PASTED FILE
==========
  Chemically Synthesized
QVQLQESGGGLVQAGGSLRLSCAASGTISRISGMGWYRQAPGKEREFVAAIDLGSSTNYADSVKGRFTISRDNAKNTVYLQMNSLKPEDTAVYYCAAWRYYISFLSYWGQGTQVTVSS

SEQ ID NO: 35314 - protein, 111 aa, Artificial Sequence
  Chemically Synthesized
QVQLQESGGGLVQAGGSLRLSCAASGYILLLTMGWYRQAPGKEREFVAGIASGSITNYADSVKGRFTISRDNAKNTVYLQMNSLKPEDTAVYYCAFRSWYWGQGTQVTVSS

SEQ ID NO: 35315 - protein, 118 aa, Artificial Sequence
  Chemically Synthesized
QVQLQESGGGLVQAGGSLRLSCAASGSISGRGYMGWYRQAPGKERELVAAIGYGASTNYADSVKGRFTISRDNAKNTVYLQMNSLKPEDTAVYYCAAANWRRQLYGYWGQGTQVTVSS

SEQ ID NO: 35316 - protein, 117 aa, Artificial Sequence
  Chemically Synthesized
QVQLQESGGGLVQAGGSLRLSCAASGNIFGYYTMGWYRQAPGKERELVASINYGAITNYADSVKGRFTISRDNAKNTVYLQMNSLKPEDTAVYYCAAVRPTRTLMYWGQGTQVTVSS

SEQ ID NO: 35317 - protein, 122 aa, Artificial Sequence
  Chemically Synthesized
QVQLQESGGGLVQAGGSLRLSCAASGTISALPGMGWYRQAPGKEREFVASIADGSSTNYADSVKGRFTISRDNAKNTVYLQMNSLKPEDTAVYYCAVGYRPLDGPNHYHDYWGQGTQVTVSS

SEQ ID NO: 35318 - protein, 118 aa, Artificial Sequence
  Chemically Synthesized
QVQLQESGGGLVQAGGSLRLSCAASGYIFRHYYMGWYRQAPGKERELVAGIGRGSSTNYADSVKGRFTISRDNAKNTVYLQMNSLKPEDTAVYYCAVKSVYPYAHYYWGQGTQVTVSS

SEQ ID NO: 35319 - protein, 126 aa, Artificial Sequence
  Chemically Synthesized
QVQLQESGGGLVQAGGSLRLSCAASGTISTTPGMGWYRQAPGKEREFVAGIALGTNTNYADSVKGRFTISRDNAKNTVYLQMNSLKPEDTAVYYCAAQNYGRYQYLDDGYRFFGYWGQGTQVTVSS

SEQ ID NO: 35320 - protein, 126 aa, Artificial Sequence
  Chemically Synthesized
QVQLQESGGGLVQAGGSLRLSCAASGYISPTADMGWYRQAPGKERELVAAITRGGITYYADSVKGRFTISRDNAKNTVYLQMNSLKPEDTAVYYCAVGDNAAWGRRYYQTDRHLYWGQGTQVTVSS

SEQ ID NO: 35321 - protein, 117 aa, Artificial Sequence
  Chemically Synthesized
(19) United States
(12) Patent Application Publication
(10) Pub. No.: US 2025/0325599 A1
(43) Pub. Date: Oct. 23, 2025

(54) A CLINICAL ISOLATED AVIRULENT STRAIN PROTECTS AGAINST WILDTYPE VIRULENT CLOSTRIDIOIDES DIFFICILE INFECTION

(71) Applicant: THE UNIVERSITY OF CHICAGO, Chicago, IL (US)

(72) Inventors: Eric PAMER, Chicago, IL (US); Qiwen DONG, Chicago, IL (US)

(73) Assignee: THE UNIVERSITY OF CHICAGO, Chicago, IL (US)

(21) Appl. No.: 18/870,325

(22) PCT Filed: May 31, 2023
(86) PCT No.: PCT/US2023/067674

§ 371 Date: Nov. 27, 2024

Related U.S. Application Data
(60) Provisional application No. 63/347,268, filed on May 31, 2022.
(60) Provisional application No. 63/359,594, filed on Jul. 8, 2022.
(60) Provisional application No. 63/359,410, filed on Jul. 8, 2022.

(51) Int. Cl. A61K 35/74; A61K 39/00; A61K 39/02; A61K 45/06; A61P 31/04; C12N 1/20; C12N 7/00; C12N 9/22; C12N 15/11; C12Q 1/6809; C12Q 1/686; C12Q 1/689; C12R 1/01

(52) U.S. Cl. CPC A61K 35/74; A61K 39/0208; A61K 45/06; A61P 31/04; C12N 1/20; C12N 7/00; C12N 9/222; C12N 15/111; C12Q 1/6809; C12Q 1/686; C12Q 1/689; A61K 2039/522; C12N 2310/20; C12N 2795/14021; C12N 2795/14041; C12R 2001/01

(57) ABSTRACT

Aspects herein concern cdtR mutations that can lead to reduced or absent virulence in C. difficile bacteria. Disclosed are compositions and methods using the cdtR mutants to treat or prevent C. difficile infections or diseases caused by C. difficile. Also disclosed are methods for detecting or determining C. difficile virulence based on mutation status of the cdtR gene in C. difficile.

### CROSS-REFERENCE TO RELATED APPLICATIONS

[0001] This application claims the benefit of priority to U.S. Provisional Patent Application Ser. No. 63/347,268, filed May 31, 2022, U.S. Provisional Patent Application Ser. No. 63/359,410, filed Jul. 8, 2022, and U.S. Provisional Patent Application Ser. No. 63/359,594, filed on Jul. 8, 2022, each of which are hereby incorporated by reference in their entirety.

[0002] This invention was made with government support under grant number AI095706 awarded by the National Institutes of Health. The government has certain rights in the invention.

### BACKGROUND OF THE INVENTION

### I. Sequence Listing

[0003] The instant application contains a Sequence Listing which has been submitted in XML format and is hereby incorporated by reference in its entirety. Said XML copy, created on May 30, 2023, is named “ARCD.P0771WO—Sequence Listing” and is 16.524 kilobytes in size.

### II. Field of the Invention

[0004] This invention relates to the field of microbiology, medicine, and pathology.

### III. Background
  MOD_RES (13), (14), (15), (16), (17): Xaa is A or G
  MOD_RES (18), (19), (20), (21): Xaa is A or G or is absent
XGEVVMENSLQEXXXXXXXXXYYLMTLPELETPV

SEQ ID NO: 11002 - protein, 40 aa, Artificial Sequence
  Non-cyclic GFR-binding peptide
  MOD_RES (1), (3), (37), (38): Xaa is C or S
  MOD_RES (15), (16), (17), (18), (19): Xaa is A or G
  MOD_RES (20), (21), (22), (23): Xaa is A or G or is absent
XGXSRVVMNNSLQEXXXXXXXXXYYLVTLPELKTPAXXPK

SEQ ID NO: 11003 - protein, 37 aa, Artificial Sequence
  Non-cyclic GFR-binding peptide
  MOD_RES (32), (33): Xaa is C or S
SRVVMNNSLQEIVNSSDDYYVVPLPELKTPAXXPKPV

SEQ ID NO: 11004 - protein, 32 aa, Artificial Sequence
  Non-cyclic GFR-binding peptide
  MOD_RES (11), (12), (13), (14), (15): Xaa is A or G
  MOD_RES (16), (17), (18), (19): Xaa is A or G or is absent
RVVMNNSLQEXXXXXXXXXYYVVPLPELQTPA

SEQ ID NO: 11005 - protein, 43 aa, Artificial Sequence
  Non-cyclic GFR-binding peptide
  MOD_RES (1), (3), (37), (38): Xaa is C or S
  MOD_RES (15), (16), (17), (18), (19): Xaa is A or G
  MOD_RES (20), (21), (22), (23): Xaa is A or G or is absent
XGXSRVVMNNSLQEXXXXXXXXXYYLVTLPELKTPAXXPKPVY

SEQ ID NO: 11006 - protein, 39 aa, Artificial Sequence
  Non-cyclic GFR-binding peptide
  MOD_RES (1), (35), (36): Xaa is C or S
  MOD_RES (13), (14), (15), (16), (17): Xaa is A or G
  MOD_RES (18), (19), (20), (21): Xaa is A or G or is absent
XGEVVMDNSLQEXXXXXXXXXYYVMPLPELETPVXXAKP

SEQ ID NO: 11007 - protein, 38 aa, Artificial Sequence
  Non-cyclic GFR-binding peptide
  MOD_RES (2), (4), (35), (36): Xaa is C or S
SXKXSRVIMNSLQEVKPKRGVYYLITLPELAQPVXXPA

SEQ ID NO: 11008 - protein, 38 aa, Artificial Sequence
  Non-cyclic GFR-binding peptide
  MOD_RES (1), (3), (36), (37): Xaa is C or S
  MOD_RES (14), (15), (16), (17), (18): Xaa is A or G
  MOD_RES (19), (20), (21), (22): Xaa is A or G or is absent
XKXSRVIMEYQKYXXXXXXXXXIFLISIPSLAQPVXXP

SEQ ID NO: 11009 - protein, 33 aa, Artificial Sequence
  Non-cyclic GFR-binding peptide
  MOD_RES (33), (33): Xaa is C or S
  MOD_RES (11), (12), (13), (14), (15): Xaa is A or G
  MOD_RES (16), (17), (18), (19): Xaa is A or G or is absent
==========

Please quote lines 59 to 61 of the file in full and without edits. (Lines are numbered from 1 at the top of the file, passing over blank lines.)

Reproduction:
  Non-cyclic GFR-binding peptide
  MOD_RES (1), (3), (37), (38): Xaa is C or S
  MOD_RES (15), (16), (17), (18), (19): Xaa is A or G